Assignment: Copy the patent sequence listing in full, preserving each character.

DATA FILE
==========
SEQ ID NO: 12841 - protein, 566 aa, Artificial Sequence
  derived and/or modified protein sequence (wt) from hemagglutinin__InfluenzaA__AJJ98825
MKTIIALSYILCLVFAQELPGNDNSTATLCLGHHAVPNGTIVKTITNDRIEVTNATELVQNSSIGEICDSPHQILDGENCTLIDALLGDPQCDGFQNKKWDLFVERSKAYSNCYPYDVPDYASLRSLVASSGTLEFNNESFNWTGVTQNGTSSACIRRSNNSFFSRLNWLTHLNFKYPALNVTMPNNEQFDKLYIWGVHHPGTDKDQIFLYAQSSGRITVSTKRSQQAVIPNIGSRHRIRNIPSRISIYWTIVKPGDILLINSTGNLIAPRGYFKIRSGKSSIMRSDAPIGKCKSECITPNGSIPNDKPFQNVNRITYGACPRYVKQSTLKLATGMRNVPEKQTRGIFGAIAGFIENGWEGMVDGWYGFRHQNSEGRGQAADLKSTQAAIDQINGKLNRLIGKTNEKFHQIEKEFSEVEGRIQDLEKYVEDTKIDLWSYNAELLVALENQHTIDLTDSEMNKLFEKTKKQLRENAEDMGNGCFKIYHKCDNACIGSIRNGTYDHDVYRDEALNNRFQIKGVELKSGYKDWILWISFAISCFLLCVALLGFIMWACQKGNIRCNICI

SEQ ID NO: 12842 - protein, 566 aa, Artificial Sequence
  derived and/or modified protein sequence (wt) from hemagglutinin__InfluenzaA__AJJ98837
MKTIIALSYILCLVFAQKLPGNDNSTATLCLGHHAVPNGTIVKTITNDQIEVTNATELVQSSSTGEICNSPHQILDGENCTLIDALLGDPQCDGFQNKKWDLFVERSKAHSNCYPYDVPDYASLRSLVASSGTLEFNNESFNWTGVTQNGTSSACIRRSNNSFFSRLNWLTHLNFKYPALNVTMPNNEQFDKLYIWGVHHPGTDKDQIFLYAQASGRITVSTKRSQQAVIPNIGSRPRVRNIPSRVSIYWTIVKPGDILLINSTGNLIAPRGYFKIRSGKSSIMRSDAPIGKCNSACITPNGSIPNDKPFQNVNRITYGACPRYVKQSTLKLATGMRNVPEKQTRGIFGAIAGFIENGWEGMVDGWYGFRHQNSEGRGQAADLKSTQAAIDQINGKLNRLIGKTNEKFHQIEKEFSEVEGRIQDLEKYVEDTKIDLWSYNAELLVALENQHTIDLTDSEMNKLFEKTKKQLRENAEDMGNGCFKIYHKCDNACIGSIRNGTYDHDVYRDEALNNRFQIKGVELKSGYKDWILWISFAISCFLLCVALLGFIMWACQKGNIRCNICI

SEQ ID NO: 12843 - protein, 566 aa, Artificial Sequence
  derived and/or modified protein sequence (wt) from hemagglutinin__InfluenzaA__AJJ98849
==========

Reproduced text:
SEQ ID NO: 12841 - protein, 566 aa, Artificial Sequence
  derived and/or modified protein sequence (wt) from hemagglutinin__InfluenzaA__AJJ98825
MKTIIALSYILCLVFAQELPGNDNSTATLCLGHHAVPNGTIVKTITNDRIEVTNATELVQNSSIGEICDSPHQILDGENCTLIDALLGDPQCDGFQNKKWDLFVERSKAYSNCYPYDVPDYASLRSLVASSGTLEFNNESFNWTGVTQNGTSSACIRRSNNSFFSRLNWLTHLNFKYPALNVTMPNNEQFDKLYIWGVHHPGTDKDQIFLYAQSSGRITVSTKRSQQAVIPNIGSRHRIRNIPSRISIYWTIVKPGDILLINSTGNLIAPRGYFKIRSGKSSIMRSDAPIGKCKSECITPNGSIPNDKPFQNVNRITYGACPRYVKQSTLKLATGMRNVPEKQTRGIFGAIAGFIENGWEGMVDGWYGFRHQNSEGRGQAADLKSTQAAIDQINGKLNRLIGKTNEKFHQIEKEFSEVEGRIQDLEKYVEDTKIDLWSYNAELLVALENQHTIDLTDSEMNKLFEKTKKQLRENAEDMGNGCFKIYHKCDNACIGSIRNGTYDHDVYRDEALNNRFQIKGVELKSGYKDWILWISFAISCFLLCVALLGFIMWACQKGNIRCNICI

SEQ ID NO: 12842 - protein, 566 aa, Artificial Sequence
  derived and/or modified protein sequence (wt) from hemagglutinin__InfluenzaA__AJJ98837
MKTIIALSYILCLVFAQKLPGNDNSTATLCLGHHAVPNGTIVKTITNDQIEVTNATELVQSSSTGEICNSPHQILDGENCTLIDALLGDPQCDGFQNKKWDLFVERSKAHSNCYPYDVPDYASLRSLVASSGTLEFNNESFNWTGVTQNGTSSACIRRSNNSFFSRLNWLTHLNFKYPALNVTMPNNEQFDKLYIWGVHHPGTDKDQIFLYAQASGRITVSTKRSQQAVIPNIGSRPRVRNIPSRVSIYWTIVKPGDILLINSTGNLIAPRGYFKIRSGKSSIMRSDAPIGKCNSACITPNGSIPNDKPFQNVNRITYGACPRYVKQSTLKLATGMRNVPEKQTRGIFGAIAGFIENGWEGMVDGWYGFRHQNSEGRGQAADLKSTQAAIDQINGKLNRLIGKTNEKFHQIEKEFSEVEGRIQDLEKYVEDTKIDLWSYNAELLVALENQHTIDLTDSEMNKLFEKTKKQLRENAEDMGNGCFKIYHKCDNACIGSIRNGTYDHDVYRDEALNNRFQIKGVELKSGYKDWILWISFAISCFLLCVALLGFIMWACQKGNIRCNICI

SEQ ID NO: 12843 - protein, 566 aa, Artificial Sequence
  derived and/or modified protein sequence (wt) from hemagglutinin__InfluenzaA__AJJ98849